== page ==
• Love. Love is also an important theme that readers can find throughout Dunbar’s poem. It, along with singing (likely a metaphor for general joy and happiness), are the things that direct whether or not one lives a happy life or a miserable one. The poet spends a few lines describing the perfect love, one that is free of youthful passion and it’s completely devoted to worship and truth.

Structure and Form 

‘Life’s Tragedy’ by Paul Laurence Dunbar is a four-stanza poem divided into sets of four lines, known as quatrains. These quatrains follow a rhyme scheme of ABCB and change end sounds from stanza to stanza. The poet chose not to use a single metrical pattern to unify the lines of this poem. But, there are examples of meter throughout. For instance, “To sing the perfect song” is an example of iambic trimeter, and “For if we mortals love, or if we sing” is an example of iambic pentameter

Literary Devices 

Throughout this piece, the poet makes use of several literary devices. These include but are not limited to: 

  • Alliteration: occurs when the poet repeats the same consonant sound at the beginning of multiple words. For example, “perfect” and “passion” in stanza three.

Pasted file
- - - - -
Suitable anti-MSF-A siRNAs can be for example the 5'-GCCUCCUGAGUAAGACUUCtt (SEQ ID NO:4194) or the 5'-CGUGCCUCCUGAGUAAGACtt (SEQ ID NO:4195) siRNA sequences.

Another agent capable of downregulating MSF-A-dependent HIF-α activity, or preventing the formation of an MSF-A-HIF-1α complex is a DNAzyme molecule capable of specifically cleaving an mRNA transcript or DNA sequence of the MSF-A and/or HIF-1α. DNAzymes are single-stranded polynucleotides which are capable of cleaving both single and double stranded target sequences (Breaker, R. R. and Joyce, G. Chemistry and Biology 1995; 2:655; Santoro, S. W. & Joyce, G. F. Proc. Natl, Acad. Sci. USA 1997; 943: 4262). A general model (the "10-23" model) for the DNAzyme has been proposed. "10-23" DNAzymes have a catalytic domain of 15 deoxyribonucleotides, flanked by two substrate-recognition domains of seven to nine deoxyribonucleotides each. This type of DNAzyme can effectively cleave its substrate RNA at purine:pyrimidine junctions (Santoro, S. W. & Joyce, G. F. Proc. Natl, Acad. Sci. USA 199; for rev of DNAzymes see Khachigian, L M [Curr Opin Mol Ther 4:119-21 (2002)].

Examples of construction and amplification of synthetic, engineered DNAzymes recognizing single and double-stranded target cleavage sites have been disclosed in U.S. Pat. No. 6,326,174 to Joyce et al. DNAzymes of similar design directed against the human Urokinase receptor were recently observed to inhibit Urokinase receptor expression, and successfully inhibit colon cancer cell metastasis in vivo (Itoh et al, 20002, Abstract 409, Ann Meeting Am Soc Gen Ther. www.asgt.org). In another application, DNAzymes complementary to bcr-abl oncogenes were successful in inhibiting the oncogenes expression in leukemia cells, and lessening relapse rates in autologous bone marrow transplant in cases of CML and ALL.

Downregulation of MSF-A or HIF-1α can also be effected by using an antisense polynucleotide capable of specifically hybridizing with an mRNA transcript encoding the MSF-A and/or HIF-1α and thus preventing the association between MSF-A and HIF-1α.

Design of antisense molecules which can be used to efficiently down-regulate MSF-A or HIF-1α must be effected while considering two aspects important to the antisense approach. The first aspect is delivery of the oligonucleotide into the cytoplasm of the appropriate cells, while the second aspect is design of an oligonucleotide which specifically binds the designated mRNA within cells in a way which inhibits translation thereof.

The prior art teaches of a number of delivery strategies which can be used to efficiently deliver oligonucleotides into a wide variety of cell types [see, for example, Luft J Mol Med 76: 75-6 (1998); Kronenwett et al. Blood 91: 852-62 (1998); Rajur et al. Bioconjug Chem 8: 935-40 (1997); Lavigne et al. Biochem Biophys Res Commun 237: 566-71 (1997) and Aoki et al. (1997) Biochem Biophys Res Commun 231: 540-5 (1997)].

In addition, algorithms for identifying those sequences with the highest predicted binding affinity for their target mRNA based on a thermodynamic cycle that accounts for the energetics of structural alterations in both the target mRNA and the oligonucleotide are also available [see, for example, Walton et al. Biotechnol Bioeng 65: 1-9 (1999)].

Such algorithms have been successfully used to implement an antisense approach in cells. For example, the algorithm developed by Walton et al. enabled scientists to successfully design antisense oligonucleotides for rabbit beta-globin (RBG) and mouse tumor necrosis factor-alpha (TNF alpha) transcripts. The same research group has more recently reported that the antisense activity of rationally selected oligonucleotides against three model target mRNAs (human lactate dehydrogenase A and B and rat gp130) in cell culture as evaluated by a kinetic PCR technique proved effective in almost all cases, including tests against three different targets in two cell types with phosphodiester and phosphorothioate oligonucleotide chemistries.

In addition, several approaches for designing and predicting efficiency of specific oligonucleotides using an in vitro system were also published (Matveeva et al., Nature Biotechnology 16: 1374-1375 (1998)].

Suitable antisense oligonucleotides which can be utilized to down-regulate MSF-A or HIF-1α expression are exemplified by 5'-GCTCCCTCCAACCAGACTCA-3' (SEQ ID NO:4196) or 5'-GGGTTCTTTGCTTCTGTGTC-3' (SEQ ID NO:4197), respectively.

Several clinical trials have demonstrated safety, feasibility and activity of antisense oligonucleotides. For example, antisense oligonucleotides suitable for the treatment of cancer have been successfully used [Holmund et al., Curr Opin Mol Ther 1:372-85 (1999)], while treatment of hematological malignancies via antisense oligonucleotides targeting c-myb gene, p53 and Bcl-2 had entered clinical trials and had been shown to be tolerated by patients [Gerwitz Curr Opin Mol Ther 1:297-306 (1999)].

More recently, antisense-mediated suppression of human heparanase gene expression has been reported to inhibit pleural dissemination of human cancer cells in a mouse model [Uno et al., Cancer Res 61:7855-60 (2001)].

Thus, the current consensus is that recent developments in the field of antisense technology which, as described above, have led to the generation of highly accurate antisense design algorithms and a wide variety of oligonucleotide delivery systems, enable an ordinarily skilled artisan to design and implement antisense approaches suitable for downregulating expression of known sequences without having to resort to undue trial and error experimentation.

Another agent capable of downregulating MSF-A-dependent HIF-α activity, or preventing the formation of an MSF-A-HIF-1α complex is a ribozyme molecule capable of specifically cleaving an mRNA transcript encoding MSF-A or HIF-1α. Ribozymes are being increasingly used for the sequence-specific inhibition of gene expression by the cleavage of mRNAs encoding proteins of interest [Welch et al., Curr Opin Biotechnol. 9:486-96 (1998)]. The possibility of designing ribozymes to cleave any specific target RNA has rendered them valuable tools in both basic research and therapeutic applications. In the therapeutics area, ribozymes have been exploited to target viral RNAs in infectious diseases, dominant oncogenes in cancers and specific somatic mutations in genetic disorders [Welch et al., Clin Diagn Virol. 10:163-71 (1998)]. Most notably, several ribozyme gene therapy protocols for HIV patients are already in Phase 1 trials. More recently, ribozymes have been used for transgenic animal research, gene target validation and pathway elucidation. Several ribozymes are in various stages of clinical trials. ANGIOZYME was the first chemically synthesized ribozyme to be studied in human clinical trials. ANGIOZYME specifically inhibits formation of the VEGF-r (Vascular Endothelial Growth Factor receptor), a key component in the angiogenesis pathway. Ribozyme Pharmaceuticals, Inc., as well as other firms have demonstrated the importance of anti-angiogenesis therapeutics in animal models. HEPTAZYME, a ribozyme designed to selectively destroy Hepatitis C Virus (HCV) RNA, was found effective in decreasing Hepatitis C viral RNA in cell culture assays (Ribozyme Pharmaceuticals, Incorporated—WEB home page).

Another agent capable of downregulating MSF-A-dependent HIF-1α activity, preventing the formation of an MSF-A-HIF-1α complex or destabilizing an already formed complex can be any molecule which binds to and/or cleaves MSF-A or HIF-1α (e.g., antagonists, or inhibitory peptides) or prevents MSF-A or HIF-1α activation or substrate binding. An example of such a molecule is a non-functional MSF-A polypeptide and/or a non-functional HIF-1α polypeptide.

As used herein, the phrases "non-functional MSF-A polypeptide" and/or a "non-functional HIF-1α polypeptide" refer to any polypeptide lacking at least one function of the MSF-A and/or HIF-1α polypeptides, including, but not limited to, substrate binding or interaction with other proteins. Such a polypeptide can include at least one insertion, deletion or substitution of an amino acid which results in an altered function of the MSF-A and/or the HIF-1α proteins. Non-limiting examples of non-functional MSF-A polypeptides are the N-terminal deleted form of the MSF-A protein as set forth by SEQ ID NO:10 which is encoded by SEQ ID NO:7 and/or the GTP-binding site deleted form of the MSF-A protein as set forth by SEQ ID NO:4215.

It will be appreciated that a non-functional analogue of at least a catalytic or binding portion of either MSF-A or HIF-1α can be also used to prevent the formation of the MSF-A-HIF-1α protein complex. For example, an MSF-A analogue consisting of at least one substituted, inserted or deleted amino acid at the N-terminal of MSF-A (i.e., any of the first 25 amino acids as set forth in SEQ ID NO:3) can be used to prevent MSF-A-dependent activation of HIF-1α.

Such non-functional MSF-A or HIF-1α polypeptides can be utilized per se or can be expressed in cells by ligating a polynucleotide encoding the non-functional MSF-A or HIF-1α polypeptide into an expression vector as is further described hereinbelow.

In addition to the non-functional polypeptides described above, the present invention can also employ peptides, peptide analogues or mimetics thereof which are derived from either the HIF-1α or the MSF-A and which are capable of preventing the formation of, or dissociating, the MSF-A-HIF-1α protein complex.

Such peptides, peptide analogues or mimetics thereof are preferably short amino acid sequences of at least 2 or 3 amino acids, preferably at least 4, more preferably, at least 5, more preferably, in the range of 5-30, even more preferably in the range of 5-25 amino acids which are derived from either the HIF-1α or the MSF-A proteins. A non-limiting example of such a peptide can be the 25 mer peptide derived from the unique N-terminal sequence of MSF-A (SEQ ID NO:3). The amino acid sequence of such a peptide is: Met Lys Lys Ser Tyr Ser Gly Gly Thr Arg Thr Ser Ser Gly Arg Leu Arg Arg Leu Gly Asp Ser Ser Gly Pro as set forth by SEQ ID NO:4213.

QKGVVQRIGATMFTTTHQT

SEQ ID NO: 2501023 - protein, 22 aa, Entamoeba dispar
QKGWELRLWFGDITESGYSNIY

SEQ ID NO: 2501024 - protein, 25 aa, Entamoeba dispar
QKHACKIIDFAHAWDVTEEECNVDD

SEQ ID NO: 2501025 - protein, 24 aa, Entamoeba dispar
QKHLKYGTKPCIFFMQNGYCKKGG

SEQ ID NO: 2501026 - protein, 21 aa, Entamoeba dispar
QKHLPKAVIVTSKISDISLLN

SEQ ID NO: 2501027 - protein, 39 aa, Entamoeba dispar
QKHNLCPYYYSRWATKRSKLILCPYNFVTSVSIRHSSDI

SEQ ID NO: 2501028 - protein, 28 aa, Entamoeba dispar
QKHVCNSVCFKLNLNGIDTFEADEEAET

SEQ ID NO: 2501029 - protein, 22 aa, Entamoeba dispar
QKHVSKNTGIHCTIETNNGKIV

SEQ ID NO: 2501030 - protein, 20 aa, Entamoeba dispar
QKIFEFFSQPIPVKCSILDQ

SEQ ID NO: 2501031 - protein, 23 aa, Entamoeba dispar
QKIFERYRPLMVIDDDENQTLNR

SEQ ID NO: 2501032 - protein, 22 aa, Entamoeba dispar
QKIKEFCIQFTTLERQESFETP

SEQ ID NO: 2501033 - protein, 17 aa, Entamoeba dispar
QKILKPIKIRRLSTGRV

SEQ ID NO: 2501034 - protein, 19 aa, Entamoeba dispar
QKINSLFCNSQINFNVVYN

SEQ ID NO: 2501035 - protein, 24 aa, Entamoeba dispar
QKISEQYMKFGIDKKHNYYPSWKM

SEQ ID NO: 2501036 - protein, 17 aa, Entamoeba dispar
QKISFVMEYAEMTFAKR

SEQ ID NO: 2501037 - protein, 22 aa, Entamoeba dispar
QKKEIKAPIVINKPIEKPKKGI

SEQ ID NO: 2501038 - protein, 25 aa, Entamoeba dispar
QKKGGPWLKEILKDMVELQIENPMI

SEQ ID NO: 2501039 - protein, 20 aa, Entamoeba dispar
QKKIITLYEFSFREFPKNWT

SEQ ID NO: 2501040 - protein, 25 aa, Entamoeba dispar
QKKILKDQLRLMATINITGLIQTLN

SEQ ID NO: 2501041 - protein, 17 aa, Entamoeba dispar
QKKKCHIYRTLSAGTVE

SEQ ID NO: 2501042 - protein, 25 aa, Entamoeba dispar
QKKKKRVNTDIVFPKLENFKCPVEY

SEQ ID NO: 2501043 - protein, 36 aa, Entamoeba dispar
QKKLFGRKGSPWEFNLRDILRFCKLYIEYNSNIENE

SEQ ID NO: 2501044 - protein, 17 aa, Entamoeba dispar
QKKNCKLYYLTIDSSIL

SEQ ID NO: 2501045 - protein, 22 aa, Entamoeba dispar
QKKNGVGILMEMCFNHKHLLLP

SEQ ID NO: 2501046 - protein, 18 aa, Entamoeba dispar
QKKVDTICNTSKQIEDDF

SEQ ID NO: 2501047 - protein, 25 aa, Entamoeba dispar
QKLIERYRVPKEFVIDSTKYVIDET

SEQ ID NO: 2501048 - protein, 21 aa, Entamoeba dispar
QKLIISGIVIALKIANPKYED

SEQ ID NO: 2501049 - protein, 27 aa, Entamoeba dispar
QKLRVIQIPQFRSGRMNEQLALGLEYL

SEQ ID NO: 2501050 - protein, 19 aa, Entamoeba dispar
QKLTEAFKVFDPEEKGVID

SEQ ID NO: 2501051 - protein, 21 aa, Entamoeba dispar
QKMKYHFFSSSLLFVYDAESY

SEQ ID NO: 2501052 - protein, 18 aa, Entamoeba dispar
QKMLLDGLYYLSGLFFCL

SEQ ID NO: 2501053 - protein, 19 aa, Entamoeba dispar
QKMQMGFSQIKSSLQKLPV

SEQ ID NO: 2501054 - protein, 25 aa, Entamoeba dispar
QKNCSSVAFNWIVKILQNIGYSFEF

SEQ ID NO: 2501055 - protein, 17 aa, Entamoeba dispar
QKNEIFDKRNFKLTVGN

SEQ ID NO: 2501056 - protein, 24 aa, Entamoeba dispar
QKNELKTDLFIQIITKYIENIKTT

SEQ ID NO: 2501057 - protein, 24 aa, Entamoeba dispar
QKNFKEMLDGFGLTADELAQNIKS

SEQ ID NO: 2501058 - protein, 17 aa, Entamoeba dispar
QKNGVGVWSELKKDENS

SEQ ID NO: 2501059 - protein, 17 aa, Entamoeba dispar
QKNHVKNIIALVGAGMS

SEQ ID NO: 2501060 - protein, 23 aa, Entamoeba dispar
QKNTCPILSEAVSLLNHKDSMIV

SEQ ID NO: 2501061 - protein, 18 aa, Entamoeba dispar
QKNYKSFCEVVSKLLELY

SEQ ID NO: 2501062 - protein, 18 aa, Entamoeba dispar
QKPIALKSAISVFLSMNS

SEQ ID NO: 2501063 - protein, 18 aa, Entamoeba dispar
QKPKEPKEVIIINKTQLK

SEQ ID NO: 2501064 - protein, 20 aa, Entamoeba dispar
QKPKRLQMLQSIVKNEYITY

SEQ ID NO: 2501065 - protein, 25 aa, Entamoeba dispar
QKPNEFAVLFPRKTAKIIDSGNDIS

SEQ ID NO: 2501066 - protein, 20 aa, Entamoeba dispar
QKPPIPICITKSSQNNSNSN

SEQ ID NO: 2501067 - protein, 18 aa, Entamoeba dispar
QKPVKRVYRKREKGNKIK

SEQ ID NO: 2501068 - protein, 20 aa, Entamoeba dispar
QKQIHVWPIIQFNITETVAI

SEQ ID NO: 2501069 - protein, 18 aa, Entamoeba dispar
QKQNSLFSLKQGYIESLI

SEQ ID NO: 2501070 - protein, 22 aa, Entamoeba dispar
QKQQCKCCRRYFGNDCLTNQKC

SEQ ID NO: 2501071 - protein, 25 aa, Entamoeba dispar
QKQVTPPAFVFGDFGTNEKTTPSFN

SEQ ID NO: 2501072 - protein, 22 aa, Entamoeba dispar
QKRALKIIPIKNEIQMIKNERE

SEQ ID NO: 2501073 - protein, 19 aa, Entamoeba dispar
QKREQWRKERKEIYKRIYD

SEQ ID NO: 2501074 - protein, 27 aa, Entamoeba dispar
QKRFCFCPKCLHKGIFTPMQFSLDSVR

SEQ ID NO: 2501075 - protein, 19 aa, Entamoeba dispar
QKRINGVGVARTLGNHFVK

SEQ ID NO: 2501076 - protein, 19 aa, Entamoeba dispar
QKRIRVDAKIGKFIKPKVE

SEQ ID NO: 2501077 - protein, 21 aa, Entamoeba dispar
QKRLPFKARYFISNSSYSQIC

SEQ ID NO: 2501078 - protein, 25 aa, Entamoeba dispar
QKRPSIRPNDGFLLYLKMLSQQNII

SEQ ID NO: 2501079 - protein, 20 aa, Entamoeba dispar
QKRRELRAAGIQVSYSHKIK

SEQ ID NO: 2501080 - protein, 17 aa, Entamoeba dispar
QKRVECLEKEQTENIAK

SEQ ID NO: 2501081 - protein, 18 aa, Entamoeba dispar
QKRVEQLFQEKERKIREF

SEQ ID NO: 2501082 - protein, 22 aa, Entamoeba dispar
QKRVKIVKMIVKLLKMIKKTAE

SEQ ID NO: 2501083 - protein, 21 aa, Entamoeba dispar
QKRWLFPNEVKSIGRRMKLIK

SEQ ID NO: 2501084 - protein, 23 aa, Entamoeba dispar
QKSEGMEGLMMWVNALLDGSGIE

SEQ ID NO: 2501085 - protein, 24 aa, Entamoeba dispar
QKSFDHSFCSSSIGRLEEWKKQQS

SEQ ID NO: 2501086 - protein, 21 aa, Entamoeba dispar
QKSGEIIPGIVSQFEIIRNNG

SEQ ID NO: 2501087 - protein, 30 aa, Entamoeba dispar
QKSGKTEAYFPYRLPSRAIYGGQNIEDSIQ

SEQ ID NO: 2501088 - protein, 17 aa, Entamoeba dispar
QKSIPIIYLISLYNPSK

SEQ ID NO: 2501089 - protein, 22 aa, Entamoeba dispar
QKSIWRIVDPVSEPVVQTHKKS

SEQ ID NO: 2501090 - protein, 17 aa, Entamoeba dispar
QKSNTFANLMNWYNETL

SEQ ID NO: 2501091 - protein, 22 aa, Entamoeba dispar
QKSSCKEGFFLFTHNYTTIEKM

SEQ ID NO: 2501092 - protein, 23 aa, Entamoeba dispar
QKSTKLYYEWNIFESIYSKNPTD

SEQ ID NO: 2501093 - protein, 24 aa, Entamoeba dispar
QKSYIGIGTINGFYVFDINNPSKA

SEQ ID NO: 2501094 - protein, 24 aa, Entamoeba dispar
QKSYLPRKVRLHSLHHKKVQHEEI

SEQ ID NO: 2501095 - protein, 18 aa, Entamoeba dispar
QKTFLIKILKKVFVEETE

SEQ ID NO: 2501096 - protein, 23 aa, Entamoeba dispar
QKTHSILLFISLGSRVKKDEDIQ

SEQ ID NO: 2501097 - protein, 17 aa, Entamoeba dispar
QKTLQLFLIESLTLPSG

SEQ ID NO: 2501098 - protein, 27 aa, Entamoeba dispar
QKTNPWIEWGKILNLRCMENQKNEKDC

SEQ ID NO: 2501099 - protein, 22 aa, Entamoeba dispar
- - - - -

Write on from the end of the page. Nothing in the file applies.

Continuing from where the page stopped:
• Anaphora: the repetition of the same word or phrase at the beginning of multiple lines. For example, “It may be” begins lines one and three of the first stanza, and “To” starts line one of stanza two and line one of stanza three. 
  • Personification: occurs when the writer imbues a non-human element of their work with human characteristics. For example, when a poet describes life’s tragedy as “pale, sad starring.” 
  • Repetition: the use of a literary device, word, phrase, image, etc., more than once within a poem. For example, the use of “this” twice at the beginning of stanza four. 
  • Juxtaposition: the contrast between images or elements in a text. For example, the depiction of someone “silent” in the “brimming day.” 

Detailed Analysis 

Stanza One

It may be misery not to sing at all
And to go silent through the brimming day.
It may be sorrow never to be loved,
But deeper griefs than these beset the way.

In the first stanza of ‘Life’s Tragedy,’ the speaker begins by acknowledging two different life experiences that may be miserable for the person experiencing them. The speaker mentions “not to sing at all” and to remain “silent throughout the brimming day” as well as “never to be loved.”

The first example suggests that someone is going about their day-to-day life without experiencing joy in the small, beautiful things that can be appreciated. The speaker accepts that a life without joy, seen through the metaphor of singing, is certainly miserable. They also accept that it’s sorrowful “never to be loved.” Many fear this life experience, and the unlucky few truly experience it.